No Mississippi politician has been caricatured more in recent years than Billy McCoy. Talk radio hosts led the charge, making fun of the House speaker’s non-legislative occupation as a worm farmer and otherwise mocking his country demeanor. Opponents painted him as a big-spending, anti-business liberal and partisan obstructionist.
McCoy became the object of these characterizations because of his frequent battles with Gov. Haley Barbour, especially on funding for education and health care. But when McCoy released a statement last week saying he wouldn’t run for re-election to the Mississippi House of Representatives, even Barbour called him a friend and a frequent supporter of the governor’s economic development programs.
McCoy was, indeed, a worthy and sometimes successful adversary for Barbour on matters that have always been close to the Prentiss Countian’s heart, especially education. But McCoy’s 32-year legislative career has been about so much more than the last few years of partisan standoffs. And it certainly hasn’t been about tearing down business in Mississippi.
Yes, McCoy is a populist in the sense that he identifies with and is an advocate for the common folk and their concerns. That’s the root of his decades-long focus on improving Mississippi’s public schools and thus the chances for a successful life for Mississippians of all backgrounds.
It’s also been the foundation for his leadership on some of the most important jobs-producing legislative initiatives in recent state history, including the 1987 four-lane highway program that transformed the economic landscape of Northeast Mississippi and the 2000 Advantage Mississippi program, which was a critical vehicle in securing Toyota for this region. In these and countless other instances, McCoy’s populism drove him to seek and support legislation that would enhance the job prospects of average Mississippians who might not otherwise have had much in the way of economic opportunity.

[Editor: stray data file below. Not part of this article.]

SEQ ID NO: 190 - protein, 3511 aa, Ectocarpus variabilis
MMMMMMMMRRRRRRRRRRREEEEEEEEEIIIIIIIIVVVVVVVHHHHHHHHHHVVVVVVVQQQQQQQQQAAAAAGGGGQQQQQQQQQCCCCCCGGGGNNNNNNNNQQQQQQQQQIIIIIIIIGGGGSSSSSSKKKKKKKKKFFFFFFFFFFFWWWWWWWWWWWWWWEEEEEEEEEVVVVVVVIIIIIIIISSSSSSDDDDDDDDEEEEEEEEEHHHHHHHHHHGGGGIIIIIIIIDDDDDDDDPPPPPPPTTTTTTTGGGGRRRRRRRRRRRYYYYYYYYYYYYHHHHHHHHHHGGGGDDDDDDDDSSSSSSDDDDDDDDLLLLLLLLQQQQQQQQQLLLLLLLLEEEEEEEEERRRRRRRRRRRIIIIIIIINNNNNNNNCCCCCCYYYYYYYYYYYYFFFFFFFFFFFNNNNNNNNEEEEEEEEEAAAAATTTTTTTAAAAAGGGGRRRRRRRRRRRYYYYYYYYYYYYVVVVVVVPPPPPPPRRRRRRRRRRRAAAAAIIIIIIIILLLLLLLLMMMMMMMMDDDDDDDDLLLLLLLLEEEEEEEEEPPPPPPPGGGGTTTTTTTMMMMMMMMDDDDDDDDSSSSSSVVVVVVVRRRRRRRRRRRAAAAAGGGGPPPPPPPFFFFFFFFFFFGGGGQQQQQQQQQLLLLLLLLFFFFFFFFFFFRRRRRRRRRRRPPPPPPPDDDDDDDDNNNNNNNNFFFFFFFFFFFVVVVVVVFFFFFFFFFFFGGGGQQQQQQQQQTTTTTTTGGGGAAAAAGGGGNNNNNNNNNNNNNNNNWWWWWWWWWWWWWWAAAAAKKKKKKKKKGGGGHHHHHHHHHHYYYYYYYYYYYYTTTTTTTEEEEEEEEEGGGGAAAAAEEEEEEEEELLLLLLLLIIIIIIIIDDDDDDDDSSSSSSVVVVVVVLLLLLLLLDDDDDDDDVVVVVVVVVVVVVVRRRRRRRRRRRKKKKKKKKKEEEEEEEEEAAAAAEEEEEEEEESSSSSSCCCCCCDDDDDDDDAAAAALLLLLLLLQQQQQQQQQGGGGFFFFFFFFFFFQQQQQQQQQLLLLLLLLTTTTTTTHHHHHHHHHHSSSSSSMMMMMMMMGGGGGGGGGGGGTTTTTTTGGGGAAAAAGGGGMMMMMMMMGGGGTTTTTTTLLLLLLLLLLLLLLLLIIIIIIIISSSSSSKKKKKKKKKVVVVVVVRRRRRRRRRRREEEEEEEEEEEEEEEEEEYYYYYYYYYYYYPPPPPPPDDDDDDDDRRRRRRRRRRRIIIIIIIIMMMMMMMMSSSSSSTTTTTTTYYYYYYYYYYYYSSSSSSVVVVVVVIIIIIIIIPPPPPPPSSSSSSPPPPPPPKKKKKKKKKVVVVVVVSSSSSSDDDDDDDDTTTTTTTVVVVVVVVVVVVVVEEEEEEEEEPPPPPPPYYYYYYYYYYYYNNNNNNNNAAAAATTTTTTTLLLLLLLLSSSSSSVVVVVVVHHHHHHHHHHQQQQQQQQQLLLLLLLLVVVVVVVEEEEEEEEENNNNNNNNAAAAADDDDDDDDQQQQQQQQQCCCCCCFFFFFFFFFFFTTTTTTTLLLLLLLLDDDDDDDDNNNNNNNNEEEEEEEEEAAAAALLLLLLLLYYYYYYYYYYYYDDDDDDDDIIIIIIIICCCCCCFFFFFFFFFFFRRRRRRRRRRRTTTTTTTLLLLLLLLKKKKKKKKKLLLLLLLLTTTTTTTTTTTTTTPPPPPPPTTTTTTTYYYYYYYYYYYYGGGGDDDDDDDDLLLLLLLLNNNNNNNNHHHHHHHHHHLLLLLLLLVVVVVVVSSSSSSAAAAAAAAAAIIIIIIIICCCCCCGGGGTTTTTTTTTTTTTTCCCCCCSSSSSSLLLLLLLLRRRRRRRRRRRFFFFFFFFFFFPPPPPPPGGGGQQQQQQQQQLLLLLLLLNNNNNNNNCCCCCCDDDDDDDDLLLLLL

The major way McCoy’s populism – his concern for the little guy – evoked the consternation of many in the business and medical communities was in 2004 when he opposed Barbour’s tort reform efforts before eventually relenting. But using that experience to brand McCoy as “anti-business” ignores a career of supporting business-enhancing legislation.
Billy McCoy has been called stubborn by his opponents, and even some of his friends, and that he could be. Relentless might be a more fully descriptive word, though.
The scrappy, sometimes fiery and, yes, temper-prone McCoy used those characteristics as a legislator to champion the causes he felt passionate about. He would keep pushing, keep pressing the cause. Without such tenacity on issues like highways and the Mississippi Adequate Education Program, success might never have been achieved.
The combative elements of McCoy’s personality probably served him better as a legislator and committee chairman than as speaker of the House, but in that position he found himself where no speaker had before him. A powerful, party-oriented governor set about to organize Republicans in the House as a voting bloc, to bring what McCoy derisively termed “Washington-style politics” to the state Capitol. McCoy’s response was basically, you want a fight, I’ll give you one.
While others saw him as obstinate, McCoy saw himself as only responding in kind to the new political dynamics he felt had been forced upon him. When he barely held on to the speakership in 2008 without a single Republican vote, he responded by naming no Republican legislators to committee chairmanships. It wasn’t the best way to ensure a smooth four-year tenure, but it communicated that McCoy had gotten the message. He would have loved to have seen bipartisanship, McCoy insisted, but it wasn’t coming.
Could McCoy have won re-election as speaker next January? It likely would have depended on the outcome of just a handful of legislative races. It would have been far from certain.
Whether that uncertainty factored into his decision or not, McCoy made the right call. He is leaving more or less on his own terms. In doing so, he leaves a legacy of accomplishment that makes the caricatures painted by the McCoy mockers look mighty lame.
Lloyd Gray is executive editor of the Daily Journal. Contact him at (662) 678-1579 or firstname.lastname@example.org.
Lloyd Gray/NEMS Daily Journal